R-E-S-P-E-C-T, what the hell does it spell to you?

Submitted by Anon on 8 December, 2003 - 5:41

First the good news: the left is getting together in large numbers early next year. There will be a "Left Unity Convention", probably on 25 January, and a "Convention of the Trade Union Left", definitely on 7 February.

Now the bad news: the way these events are being set up.
A private conclave at George Galloway's house in London on Sunday 30 November apparently set the 25 January date; chose a name - "RESPECT Unity Coalition" - for a grouping to contest the June 2004 euro-elections with Galloway as figurehead and lead candidate; and drafted a political platform.

According to best reports, the conclave involved Galloway, leaders and associates of the Socialist Workers' Party, and Bob Crow of the RMT rail union.

The name, "Respect", finesses the rumbling grumbling about whether the coalition will be "socialist" by having the "s" stand for "socialist" (the "r" for resistance, "e" for ecological, etc.), so that if you want to see it as calling itself socialist you can, but if you don't, you needn't. No "w" for workers, that's for sure.

The draft platform has not been made public yet (some tweaking and arm-twisting to get initial signatures must still be going on behind the scenes) but a text is circulating. It is vague, not specifically working-class, and "socialist" only in the sense of formulas like "a world where solidarity rather than self-interest is the spirit of the age".

But it is more leftish than previous drafts. Its anti-euro stance has been toned down with a warning against "the xenophobic right wing". George Monbiot, once the bogeyman of coalition-doubters, seems to be no longer central to the business. The Muslim Association of Britain (British offshoot of the Muslim Brotherhood) has been courted, but seems unlikely to join the coalition, if only (and this is a sad comment on the leftists involved) because MAB is pro-euro.

The SWP has been involved in talks with Galloway at least since New Labour started moves to expel him, in April 2003. The talks with him and with others have been done entirely over the head of the Socialist Alliance, the existing structured coalition in which the SWP is involved with other left groups and activists, though partly in its name.

Now it looks as if they can rope in the Communist Party of Britain (Morning Star) and maybe even the Socialist Party, as well as a number of trade unionists.

The last Socialist Alliance executive, on 22 November, rejected a motion from me against a Galloway coalition, and another from Lesley Mahmood calling for an Alliance special conference in January (i.e. in time to express an opinion on the new coalition before it is done and dusted). It authorised SA chair Nick Wrack (who is close to the SWP) to sign a political base-text for the new coalition on behalf of the SA if he is satisfied with it, without first having to come back to another committee meeting.

The open debate on this coalition-building, with definite proposals on the table, will thus be bunched into a tight sequence of meetings: SA Executive on 3 January, SA Council (exec plus local delegates) on 17 January, Left Convention on 24 January, and trade union convention on 7 February.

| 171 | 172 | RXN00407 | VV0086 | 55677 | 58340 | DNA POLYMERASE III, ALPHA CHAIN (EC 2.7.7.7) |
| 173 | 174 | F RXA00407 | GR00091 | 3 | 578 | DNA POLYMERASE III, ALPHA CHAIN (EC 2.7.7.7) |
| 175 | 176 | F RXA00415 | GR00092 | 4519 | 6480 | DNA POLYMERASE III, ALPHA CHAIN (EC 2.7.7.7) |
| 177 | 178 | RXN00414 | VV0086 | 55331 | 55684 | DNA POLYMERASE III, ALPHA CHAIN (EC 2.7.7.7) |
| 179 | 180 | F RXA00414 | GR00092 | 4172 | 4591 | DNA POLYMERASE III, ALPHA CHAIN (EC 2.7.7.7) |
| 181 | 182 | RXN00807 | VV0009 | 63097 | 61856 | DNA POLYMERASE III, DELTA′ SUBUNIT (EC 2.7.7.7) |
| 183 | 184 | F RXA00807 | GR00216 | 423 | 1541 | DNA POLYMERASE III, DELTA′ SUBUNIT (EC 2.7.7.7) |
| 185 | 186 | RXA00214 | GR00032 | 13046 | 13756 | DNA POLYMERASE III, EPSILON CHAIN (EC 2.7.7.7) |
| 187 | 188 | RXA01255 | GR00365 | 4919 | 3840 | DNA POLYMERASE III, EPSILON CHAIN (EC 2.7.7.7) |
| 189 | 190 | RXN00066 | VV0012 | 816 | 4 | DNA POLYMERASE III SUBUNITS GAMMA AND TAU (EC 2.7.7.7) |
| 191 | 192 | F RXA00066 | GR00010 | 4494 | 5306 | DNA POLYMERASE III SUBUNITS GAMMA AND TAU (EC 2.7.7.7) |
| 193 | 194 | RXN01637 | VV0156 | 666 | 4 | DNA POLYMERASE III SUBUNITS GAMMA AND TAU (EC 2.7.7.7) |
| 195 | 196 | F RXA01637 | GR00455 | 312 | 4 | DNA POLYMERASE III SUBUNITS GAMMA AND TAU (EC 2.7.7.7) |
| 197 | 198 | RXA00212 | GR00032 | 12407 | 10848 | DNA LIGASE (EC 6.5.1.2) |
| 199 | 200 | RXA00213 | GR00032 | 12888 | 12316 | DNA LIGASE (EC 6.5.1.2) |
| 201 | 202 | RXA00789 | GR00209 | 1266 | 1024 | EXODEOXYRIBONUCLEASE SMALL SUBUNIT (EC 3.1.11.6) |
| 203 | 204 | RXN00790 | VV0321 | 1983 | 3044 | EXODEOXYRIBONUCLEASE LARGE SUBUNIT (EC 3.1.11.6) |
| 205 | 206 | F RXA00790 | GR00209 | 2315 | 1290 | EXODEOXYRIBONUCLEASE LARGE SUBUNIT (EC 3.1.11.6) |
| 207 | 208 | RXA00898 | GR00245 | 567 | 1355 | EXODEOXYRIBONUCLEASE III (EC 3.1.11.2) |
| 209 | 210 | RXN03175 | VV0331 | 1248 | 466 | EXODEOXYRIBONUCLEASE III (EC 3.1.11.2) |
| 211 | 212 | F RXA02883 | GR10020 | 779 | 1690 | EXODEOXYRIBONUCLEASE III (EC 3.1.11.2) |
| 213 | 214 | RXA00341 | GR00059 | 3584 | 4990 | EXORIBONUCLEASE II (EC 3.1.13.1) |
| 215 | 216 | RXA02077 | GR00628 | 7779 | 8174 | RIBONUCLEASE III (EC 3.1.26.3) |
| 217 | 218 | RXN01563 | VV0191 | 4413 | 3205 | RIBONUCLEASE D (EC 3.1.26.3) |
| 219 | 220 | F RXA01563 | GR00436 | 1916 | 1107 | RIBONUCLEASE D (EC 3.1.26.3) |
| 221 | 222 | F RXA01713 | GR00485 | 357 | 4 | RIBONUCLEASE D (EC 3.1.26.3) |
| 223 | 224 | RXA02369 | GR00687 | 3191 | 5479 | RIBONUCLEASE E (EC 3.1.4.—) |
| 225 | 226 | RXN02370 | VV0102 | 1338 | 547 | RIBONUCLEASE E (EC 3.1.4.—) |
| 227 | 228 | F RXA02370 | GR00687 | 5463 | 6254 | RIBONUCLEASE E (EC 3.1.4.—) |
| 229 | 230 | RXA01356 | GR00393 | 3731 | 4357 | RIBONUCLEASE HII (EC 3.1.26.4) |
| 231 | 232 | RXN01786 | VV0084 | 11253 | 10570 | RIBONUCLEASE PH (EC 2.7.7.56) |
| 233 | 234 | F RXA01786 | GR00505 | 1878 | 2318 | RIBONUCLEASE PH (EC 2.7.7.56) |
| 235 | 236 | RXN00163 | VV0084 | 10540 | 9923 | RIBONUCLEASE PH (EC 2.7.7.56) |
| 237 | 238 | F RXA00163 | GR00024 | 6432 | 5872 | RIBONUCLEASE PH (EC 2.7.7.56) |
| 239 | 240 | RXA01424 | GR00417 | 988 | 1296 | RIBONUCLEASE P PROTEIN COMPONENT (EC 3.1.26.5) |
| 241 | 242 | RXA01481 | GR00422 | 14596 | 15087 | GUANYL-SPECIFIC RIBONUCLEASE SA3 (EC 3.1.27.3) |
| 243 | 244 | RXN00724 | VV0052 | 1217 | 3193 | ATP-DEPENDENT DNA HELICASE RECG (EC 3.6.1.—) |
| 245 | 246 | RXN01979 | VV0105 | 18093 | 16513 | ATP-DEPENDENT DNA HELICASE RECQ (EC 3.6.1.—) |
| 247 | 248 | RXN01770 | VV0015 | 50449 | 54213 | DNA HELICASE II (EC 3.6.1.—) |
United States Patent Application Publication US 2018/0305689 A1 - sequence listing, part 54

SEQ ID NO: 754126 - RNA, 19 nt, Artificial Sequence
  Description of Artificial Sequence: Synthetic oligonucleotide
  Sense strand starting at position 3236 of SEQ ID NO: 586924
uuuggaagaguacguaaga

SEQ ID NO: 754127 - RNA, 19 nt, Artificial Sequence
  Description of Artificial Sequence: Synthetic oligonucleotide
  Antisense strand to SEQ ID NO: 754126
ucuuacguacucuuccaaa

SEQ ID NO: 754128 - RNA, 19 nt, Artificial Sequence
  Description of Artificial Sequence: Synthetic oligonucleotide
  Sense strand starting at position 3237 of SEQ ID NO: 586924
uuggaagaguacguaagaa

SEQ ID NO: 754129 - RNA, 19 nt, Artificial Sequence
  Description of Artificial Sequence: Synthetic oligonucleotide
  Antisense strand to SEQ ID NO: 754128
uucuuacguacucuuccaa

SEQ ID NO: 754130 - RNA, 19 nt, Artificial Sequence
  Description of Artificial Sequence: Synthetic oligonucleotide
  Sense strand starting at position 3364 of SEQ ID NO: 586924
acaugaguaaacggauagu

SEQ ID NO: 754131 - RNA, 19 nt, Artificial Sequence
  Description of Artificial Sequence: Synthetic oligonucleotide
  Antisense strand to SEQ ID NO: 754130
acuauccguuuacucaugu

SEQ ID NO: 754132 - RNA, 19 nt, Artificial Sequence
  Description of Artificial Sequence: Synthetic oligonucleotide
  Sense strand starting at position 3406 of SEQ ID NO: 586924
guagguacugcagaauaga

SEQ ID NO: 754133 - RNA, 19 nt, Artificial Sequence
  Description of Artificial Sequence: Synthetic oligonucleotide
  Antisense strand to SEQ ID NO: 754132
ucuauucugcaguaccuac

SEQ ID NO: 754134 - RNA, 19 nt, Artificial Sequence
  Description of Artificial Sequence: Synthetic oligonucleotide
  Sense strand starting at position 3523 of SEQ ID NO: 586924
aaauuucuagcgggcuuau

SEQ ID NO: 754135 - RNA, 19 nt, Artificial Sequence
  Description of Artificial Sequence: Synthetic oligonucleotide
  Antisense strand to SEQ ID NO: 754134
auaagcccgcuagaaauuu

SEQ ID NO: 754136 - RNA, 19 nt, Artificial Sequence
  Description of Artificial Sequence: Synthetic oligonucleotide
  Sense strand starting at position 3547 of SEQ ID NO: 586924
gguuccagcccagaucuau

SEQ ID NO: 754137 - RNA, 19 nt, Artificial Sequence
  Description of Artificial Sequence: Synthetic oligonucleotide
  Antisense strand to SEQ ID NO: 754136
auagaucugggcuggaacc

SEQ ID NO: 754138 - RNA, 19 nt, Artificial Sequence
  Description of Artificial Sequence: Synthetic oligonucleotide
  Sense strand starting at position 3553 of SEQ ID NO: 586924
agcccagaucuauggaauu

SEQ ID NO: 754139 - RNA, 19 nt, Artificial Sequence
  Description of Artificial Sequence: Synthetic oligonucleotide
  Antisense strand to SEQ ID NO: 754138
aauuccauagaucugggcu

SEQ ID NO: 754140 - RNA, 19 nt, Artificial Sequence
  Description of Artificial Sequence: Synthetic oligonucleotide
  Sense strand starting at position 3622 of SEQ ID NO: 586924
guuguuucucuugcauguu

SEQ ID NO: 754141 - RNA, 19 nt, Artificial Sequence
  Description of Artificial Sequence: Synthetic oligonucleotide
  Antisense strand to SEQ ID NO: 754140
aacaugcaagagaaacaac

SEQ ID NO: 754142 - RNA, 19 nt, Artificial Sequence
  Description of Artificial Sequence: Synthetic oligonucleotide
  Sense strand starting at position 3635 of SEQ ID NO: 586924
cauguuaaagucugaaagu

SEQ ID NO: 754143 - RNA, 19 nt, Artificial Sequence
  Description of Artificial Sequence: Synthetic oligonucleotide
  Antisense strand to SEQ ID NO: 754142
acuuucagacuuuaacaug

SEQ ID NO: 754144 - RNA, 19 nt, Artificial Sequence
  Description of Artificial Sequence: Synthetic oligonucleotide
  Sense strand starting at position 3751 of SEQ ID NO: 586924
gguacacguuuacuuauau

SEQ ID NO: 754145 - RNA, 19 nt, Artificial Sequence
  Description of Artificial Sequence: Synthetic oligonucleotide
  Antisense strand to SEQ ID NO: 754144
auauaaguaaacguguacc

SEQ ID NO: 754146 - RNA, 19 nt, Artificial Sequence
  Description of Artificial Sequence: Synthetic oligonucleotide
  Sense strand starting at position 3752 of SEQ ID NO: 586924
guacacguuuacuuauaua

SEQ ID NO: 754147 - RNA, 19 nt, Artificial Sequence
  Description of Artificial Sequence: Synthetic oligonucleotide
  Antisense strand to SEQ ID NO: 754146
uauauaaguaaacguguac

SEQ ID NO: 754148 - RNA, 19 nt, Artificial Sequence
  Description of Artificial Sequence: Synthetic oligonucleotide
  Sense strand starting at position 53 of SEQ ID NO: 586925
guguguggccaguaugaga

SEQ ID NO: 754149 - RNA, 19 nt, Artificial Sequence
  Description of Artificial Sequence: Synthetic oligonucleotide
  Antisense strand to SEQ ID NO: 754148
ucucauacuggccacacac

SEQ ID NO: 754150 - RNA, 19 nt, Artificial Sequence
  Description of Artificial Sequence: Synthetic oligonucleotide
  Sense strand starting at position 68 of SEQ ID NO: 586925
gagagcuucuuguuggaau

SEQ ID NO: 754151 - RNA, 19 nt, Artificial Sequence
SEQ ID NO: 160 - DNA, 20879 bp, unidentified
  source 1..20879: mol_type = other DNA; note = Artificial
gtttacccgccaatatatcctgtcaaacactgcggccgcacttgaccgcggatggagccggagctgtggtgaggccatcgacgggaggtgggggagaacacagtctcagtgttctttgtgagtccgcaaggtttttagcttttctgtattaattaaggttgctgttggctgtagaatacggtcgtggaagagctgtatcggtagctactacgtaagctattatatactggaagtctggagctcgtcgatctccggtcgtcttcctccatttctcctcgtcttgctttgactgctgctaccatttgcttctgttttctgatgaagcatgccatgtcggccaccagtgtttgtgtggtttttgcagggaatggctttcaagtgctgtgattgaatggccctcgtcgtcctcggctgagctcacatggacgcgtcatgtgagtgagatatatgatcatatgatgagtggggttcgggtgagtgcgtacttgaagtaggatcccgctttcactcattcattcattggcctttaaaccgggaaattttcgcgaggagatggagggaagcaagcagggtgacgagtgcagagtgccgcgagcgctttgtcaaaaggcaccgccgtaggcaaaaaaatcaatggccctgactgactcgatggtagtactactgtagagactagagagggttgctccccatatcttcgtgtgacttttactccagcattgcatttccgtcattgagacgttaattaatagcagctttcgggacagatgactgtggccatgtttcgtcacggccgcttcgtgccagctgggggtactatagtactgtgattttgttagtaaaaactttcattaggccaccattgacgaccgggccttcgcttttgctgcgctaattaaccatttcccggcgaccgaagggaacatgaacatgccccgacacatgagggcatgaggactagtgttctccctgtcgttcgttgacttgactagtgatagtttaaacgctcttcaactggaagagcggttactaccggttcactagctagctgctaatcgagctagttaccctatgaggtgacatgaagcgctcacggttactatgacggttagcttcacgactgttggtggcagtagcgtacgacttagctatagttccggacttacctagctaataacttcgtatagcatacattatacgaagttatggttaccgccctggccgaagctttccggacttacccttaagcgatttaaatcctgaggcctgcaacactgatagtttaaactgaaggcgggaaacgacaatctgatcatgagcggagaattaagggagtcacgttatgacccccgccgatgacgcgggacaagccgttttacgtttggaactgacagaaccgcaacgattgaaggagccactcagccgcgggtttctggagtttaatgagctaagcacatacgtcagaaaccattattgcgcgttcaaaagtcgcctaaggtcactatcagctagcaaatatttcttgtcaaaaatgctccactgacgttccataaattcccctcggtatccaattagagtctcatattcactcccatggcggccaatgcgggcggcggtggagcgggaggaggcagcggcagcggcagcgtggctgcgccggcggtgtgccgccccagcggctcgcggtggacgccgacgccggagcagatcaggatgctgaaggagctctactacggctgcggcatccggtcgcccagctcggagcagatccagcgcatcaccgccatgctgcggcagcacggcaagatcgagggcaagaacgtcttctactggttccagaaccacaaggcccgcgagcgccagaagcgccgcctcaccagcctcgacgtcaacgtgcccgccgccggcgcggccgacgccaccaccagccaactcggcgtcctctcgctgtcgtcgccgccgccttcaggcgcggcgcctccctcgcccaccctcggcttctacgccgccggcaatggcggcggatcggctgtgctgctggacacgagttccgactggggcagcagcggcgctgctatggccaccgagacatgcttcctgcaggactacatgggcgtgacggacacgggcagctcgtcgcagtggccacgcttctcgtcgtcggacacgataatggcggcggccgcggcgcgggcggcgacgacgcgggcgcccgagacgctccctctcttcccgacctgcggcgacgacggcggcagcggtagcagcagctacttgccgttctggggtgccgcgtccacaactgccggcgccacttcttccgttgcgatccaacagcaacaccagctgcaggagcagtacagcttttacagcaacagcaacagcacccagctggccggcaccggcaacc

That there is debate about coalitions is good. What there will be a fight about is whether the guideline principle invoked by many in this business, independent working-class political representation, is discussed seriously or just given lip-service.

Galloway, after all, has proclaimed that he will aim to "unite socialists, liberals and conservatives". He declares that £150,000 a year is what he "need[s] to function properly as a leading figure in a part of the British political system" (Scotsman, 19/05/03).

We are in favour of a coalition of the left. But on a principled basis. We are not sectarians and pedants. But there have to be bottom lines. We will fight relentlessly for three basic demands.

1. A working-class stance. A coalition's platform, policy and programme must be firmly set within the framework of independent working-class representation, of speaking up for the interests and struggles of the working class. It must advocate public ownership and workers' control of productive wealth. It must stand for workers' MPs on a worker's wage. It must help the trade unions along the road to demanding an independent workers' voice in politics, and ultimately a new mass workers' party.

2. Democracy. The policies and programme of the coalition must be decided through a democratic debate among its rank-and-file activists and supporting organisations, with the possibility of amendments and alternatives. The coalition must be pluralist. Its leaders must be accountable.

3. Break with Galloway. No political platform on paper can have credibility unless its public leaders and candidates represent it credibly. No coalition can have a credible working-class stance if its figurehead is George Galloway.

Galloway's sole claim to be considered left-wing, aside from long-ago tankie Stalinism, is the Iraq issue. But precisely on that issue, despite his opposition to the US/UK war, his record is right-wing (close links with the Saddam regime; personal links with Tariq Aziz; activity financed - on Galloway's own story - by the governments of Saudi Arabia and the Emirates and by a businessman well connected to the Baghdad dictatorship).

Trade unions like the RMT have begun to think about alternatives to New Labour. It will be bad if they are dragged into alliances on a catch-all "anti-Blair" basis rather than moving towards a link-up with other union organisations and socialist groups to create a new force for authentic and accountable workers' representation.

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